Karen Armstrong: Who cares about Heaven?

heavenIt’s difficult to decide who is more insufferable when Deborah Solomon of The New York Times Magazine interviews former nun Karen Armstrong, author of A History of God and, most recently, The Spiral Staircase: My Climb Out of Darkness.

Consider this sample:

You spent seven years in a convent, but in your new memoirs, “The Spiral Staircase,” you describe yourself as a failed nun.

I was a lousy nun. I couldn’t do it. I couldn’t find God. It wasn’t suitable for me. It is suitable for very few people.

In the decades since, you have become a distinguished scholar of Islam, but I get the impression that you don’t believe in God.

It depends on what you mean by God. I believe in holiness and sacredness in other people. It doesn’t mean that the clouds part and I see God. That’s a juvenile way of thinking about it.

Do you believe in the afterlife?

I am not interested in the afterlife. Religion is supposed to be about losing your ego, not preserving it eternally in optimum conditions.

Solomon turns philosophical:

If there’s so much similarity among world religions, why have wars been fought for centuries?

Because of egotism. Compassion is not a popular virtue. A lot of people see God as a sacred seal of approval on some of their worst fantasies about other people. With the election coming up in the United States, we’ll be hearing a lot about God being either a Democrat or a Republican.

Then she’s discussing a painful bit of personal history with the all the subtlety of Dr. Phil:

You had a nervous breakdown before you left the convent. I wonder how you feel about the current widespread use of antidepressants.

We live in a culture where we think we shouldn’t be depressed and we demand things, including good moods. But you should be depressed if, say, your child dies. It’s a shame to miss it by blocking yourself off.

Oh, that’s so Catholic of you to ennoble suffering.

No. It’s a very Buddhist idea. Suffering in itself can be really bad.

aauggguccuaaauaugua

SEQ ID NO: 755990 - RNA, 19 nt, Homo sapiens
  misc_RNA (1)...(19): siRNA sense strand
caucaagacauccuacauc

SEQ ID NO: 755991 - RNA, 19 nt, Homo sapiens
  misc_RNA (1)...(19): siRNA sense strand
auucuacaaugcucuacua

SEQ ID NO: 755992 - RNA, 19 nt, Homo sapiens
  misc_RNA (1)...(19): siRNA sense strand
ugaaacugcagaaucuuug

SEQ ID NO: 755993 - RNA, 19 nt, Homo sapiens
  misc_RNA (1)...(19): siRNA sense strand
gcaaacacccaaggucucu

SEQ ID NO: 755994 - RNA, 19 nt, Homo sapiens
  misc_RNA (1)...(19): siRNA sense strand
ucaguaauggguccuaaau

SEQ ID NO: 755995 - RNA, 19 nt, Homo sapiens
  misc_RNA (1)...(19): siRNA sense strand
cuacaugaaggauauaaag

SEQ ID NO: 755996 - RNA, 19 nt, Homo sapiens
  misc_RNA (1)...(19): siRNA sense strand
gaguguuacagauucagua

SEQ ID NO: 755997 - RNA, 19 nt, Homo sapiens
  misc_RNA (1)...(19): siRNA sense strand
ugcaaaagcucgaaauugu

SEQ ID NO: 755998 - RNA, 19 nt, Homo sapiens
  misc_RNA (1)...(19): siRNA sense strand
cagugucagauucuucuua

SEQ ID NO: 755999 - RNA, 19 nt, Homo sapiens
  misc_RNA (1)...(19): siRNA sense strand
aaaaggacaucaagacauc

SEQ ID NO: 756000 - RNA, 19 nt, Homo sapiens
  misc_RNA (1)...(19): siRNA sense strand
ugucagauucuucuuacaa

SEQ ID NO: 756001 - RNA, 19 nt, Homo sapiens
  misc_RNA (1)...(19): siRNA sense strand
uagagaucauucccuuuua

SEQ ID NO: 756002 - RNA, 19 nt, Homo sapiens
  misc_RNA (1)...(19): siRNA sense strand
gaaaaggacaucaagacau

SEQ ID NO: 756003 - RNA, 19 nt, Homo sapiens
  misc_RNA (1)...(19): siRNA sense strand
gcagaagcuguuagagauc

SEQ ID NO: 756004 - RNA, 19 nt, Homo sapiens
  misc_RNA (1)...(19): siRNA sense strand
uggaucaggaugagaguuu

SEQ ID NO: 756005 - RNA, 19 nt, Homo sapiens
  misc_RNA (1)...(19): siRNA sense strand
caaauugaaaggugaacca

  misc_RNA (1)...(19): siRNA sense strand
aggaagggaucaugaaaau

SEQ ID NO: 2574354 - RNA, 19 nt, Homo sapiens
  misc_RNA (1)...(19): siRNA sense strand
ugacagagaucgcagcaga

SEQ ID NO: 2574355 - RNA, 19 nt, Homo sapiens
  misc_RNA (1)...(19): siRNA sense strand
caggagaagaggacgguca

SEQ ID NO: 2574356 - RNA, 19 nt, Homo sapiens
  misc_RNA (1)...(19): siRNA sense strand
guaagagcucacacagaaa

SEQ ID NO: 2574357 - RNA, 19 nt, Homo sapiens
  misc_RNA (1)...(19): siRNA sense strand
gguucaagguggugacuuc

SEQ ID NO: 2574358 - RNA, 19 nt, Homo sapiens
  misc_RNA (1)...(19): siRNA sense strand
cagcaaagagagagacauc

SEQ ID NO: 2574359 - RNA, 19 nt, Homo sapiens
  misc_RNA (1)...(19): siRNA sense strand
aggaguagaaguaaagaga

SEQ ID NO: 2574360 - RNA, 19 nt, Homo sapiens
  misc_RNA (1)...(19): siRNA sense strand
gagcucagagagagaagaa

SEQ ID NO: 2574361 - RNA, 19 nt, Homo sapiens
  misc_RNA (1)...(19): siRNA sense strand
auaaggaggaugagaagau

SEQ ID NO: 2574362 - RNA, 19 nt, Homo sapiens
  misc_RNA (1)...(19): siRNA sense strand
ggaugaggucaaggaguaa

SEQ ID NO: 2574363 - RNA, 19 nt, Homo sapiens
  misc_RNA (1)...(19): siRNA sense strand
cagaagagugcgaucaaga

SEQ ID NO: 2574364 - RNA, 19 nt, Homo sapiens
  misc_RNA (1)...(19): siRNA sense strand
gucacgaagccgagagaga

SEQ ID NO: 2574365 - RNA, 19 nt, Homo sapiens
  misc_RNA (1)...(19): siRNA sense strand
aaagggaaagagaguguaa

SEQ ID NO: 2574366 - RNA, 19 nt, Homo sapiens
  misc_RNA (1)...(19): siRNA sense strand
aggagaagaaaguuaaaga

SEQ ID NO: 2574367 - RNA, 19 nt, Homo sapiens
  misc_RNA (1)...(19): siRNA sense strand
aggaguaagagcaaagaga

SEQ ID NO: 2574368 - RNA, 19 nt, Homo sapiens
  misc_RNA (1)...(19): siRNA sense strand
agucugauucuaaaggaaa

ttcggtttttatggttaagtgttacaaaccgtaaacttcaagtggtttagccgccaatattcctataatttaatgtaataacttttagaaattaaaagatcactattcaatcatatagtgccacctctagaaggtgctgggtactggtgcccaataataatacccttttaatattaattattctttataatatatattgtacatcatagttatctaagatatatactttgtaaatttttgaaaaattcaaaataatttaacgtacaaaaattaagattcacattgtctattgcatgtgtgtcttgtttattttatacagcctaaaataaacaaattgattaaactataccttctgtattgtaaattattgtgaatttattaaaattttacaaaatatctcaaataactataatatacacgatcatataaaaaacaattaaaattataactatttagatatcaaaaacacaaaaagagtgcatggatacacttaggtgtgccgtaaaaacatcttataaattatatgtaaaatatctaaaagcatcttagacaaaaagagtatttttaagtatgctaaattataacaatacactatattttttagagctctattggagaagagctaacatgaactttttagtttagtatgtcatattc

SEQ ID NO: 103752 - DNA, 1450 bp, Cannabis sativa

For better examples of the brief Q&A form, consult Time‘s weekly 10 Questions feature, Entertainment Weekly‘s 10 Stupid Questions (not available online from EW, sadly, but here’s a sample chat with actor David Morse) or even James Lipton’s widely lampooned delivery of the Bernard Pivot Questionnaire on Inside the Actor’s Studio.

And when reading Deborah Solomon hold forth on theology, it helps to remember that another of her questions once described Mary Magdalene as “Christ’s girlfriend.” Consider it the Jesus Christ Superstar Canon.

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  • melissa

    Karen Armstrong has described her religious beliefs as ‘free-lance monotheism.’

  • http://www.bluffton.edu/~bergerd/home1.html Dan Berger

    I have two reactions. One is to Deborah Solomon, who is simply being an ignorant jerk. The other is the fact that the blog entry mocks Karen Armstrong rather more strongly than is justified by the content of the interview.

    Granted, Armstrong’s thought is too often stuffed with clichés–who was it that said clichés become so because they contain important bits of truth? But in the interview, Ms. Armstrong comes off rather well compared to Ms. Solomon!

    (Yes, I know, that’s a bit like saying that the White Knight came off rather well compared to Tweedledum and Tweedledee.)

  • http://getreligion.typepad.com/getreligion/2004/02/about_douglas_l.html Douglas LeBlanc